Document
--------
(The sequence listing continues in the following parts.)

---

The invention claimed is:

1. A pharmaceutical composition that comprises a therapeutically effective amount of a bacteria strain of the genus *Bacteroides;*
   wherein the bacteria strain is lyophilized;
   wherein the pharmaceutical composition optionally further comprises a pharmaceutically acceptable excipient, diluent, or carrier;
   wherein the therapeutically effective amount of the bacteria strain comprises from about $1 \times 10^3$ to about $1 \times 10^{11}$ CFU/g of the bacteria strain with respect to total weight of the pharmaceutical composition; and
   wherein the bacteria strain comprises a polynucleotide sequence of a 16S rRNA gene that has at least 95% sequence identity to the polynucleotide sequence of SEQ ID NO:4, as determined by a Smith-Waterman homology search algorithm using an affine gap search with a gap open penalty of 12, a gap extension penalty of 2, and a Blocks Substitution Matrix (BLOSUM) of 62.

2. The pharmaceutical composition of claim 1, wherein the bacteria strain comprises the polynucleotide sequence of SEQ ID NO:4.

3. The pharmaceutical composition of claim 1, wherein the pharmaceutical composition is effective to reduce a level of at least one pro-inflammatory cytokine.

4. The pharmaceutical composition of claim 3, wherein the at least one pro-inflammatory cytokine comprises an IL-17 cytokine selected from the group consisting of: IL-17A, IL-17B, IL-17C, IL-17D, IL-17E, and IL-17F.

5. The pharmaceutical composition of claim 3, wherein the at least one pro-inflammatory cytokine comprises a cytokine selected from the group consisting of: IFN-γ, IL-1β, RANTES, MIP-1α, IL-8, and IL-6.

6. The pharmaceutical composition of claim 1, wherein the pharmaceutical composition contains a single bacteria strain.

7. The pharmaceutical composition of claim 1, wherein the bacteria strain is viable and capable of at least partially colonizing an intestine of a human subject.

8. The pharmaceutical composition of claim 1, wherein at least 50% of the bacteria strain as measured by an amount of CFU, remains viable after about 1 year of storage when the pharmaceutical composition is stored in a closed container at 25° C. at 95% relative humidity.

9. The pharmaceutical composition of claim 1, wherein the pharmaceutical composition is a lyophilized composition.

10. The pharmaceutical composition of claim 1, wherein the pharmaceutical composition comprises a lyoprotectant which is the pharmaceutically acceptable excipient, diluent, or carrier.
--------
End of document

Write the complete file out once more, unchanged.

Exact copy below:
(The sequence listing continues in the following parts.)

---

The invention claimed is:

1. A pharmaceutical composition that comprises a therapeutically effective amount of a bacteria strain of the genus *Bacteroides;*
   wherein the bacteria strain is lyophilized;
   wherein the pharmaceutical composition optionally further comprises a pharmaceutically acceptable excipient, diluent, or carrier;
   wherein the therapeutically effective amount of the bacteria strain comprises from about $1 \times 10^3$ to about $1 \times 10^{11}$ CFU/g of the bacteria strain with respect to total weight of the pharmaceutical composition; and
   wherein the bacteria strain comprises a polynucleotide sequence of a 16S rRNA gene that has at least 95% sequence identity to the polynucleotide sequence of SEQ ID NO:4, as determined by a Smith-Waterman homology search algorithm using an affine gap search with a gap open penalty of 12, a gap extension penalty of 2, and a Blocks Substitution Matrix (BLOSUM) of 62.

2. The pharmaceutical composition of claim 1, wherein the bacteria strain comprises the polynucleotide sequence of SEQ ID NO:4.

3. The pharmaceutical composition of claim 1, wherein the pharmaceutical composition is effective to reduce a level of at least one pro-inflammatory cytokine.

4. The pharmaceutical composition of claim 3, wherein the at least one pro-inflammatory cytokine comprises an IL-17 cytokine selected from the group consisting of: IL-17A, IL-17B, IL-17C, IL-17D, IL-17E, and IL-17F.

5. The pharmaceutical composition of claim 3, wherein the at least one pro-inflammatory cytokine comprises a cytokine selected from the group consisting of: IFN-γ, IL-1β, RANTES, MIP-1α, IL-8, and IL-6.

6. The pharmaceutical composition of claim 1, wherein the pharmaceutical composition contains a single bacteria strain.

7. The pharmaceutical composition of claim 1, wherein the bacteria strain is viable and capable of at least partially colonizing an intestine of a human subject.

8. The pharmaceutical composition of claim 1, wherein at least 50% of the bacteria strain as measured by an amount of CFU, remains viable after about 1 year of storage when the pharmaceutical composition is stored in a closed container at 25° C. at 95% relative humidity.

9. The pharmaceutical composition of claim 1, wherein the pharmaceutical composition is a lyophilized composition.

10. The pharmaceutical composition of claim 1, wherein the pharmaceutical composition comprises a lyoprotectant which is the pharmaceutically acceptable excipient, diluent, or carrier.